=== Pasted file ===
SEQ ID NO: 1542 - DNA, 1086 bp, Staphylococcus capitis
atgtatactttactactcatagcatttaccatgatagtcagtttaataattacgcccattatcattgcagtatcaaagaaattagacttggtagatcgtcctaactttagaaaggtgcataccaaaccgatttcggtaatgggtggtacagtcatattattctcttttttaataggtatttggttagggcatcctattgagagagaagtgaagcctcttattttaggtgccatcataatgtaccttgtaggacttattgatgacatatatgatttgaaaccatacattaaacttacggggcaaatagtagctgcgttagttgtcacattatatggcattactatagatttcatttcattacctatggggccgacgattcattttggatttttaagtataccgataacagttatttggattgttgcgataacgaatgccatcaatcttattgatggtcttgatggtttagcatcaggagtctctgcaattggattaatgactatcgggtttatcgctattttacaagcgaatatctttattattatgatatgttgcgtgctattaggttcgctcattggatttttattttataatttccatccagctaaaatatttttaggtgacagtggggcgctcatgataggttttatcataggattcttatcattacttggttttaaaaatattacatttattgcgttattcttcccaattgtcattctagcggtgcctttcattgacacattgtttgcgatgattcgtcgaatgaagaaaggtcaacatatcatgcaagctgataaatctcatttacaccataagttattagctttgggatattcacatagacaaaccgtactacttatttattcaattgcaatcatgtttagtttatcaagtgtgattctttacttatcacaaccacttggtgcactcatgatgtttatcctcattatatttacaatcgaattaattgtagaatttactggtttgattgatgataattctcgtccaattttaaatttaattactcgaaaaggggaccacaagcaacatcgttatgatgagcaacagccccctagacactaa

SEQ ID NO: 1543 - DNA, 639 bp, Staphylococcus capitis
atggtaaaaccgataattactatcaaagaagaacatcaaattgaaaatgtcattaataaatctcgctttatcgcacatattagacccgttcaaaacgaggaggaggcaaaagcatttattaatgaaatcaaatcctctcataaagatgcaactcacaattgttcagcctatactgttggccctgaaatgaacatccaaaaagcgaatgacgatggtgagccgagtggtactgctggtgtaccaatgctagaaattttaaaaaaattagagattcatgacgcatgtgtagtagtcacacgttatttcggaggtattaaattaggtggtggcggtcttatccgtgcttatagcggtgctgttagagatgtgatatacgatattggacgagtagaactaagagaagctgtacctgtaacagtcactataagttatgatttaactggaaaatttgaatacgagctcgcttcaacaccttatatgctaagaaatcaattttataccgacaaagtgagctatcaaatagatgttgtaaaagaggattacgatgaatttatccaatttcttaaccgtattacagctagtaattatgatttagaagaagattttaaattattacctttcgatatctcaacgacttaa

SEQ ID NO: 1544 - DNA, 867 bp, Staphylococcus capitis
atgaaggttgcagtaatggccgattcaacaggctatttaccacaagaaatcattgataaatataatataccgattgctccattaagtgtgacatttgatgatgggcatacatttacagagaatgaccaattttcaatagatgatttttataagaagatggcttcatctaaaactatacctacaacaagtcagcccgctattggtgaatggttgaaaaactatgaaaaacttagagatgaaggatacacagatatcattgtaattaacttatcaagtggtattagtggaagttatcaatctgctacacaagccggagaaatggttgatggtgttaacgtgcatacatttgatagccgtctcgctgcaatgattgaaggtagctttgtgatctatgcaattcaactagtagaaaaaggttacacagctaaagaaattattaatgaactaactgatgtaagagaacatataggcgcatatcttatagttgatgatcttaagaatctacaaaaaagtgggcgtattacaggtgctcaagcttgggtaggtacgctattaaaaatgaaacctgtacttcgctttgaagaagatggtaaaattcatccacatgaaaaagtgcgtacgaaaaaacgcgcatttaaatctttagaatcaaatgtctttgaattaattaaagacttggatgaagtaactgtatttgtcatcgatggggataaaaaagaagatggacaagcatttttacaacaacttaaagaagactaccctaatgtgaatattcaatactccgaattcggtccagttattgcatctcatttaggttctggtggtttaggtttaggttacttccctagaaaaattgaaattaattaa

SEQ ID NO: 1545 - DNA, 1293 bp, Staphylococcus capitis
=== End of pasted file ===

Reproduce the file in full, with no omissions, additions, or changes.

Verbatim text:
SEQ ID NO: 1542 - DNA, 1086 bp, Staphylococcus capitis
atgtatactttactactcatagcatttaccatgatagtcagtttaataattacgcccattatcattgcagtatcaaagaaattagacttggtagatcgtcctaactttagaaaggtgcataccaaaccgatttcggtaatgggtggtacagtcatattattctcttttttaataggtatttggttagggcatcctattgagagagaagtgaagcctcttattttaggtgccatcataatgtaccttgtaggacttattgatgacatatatgatttgaaaccatacattaaacttacggggcaaatagtagctgcgttagttgtcacattatatggcattactatagatttcatttcattacctatggggccgacgattcattttggatttttaagtataccgataacagttatttggattgttgcgataacgaatgccatcaatcttattgatggtcttgatggtttagcatcaggagtctctgcaattggattaatgactatcgggtttatcgctattttacaagcgaatatctttattattatgatatgttgcgtgctattaggttcgctcattggatttttattttataatttccatccagctaaaatatttttaggtgacagtggggcgctcatgataggttttatcataggattcttatcattacttggttttaaaaatattacatttattgcgttattcttcccaattgtcattctagcggtgcctttcattgacacattgtttgcgatgattcgtcgaatgaagaaaggtcaacatatcatgcaagctgataaatctcatttacaccataagttattagctttgggatattcacatagacaaaccgtactacttatttattcaattgcaatcatgtttagtttatcaagtgtgattctttacttatcacaaccacttggtgcactcatgatgtttatcctcattatatttacaatcgaattaattgtagaatttactggtttgattgatgataattctcgtccaattttaaatttaattactcgaaaaggggaccacaagcaacatcgttatgatgagcaacagccccctagacactaa

SEQ ID NO: 1543 - DNA, 639 bp, Staphylococcus capitis
atggtaaaaccgataattactatcaaagaagaacatcaaattgaaaatgtcattaataaatctcgctttatcgcacatattagacccgttcaaaacgaggaggaggcaaaagcatttattaatgaaatcaaatcctctcataaagatgcaactcacaattgttcagcctatactgttggccctgaaatgaacatccaaaaagcgaatgacgatggtgagccgagtggtactgctggtgtaccaatgctagaaattttaaaaaaattagagattcatgacgcatgtgtagtagtcacacgttatttcggaggtattaaattaggtggtggcggtcttatccgtgcttatagcggtgctgttagagatgtgatatacgatattggacgagtagaactaagagaagctgtacctgtaacagtcactataagttatgatttaactggaaaatttgaatacgagctcgcttcaacaccttatatgctaagaaatcaattttataccgacaaagtgagctatcaaatagatgttgtaaaagaggattacgatgaatttatccaatttcttaaccgtattacagctagtaattatgatttagaagaagattttaaattattacctttcgatatctcaacgacttaa

SEQ ID NO: 1544 - DNA, 867 bp, Staphylococcus capitis
atgaaggttgcagtaatggccgattcaacaggctatttaccacaagaaatcattgataaatataatataccgattgctccattaagtgtgacatttgatgatgggcatacatttacagagaatgaccaattttcaatagatgatttttataagaagatggcttcatctaaaactatacctacaacaagtcagcccgctattggtgaatggttgaaaaactatgaaaaacttagagatgaaggatacacagatatcattgtaattaacttatcaagtggtattagtggaagttatcaatctgctacacaagccggagaaatggttgatggtgttaacgtgcatacatttgatagccgtctcgctgcaatgattgaaggtagctttgtgatctatgcaattcaactagtagaaaaaggttacacagctaaagaaattattaatgaactaactgatgtaagagaacatataggcgcatatcttatagttgatgatcttaagaatctacaaaaaagtgggcgtattacaggtgctcaagcttgggtaggtacgctattaaaaatgaaacctgtacttcgctttgaagaagatggtaaaattcatccacatgaaaaagtgcgtacgaaaaaacgcgcatttaaatctttagaatcaaatgtctttgaattaattaaagacttggatgaagtaactgtatttgtcatcgatggggataaaaaagaagatggacaagcatttttacaacaacttaaagaagactaccctaatgtgaatattcaatactccgaattcggtccagttattgcatctcatttaggttctggtggtttaggtttaggttacttccctagaaaaattgaaattaattaa

SEQ ID NO: 1545 - DNA, 1293 bp, Staphylococcus capitis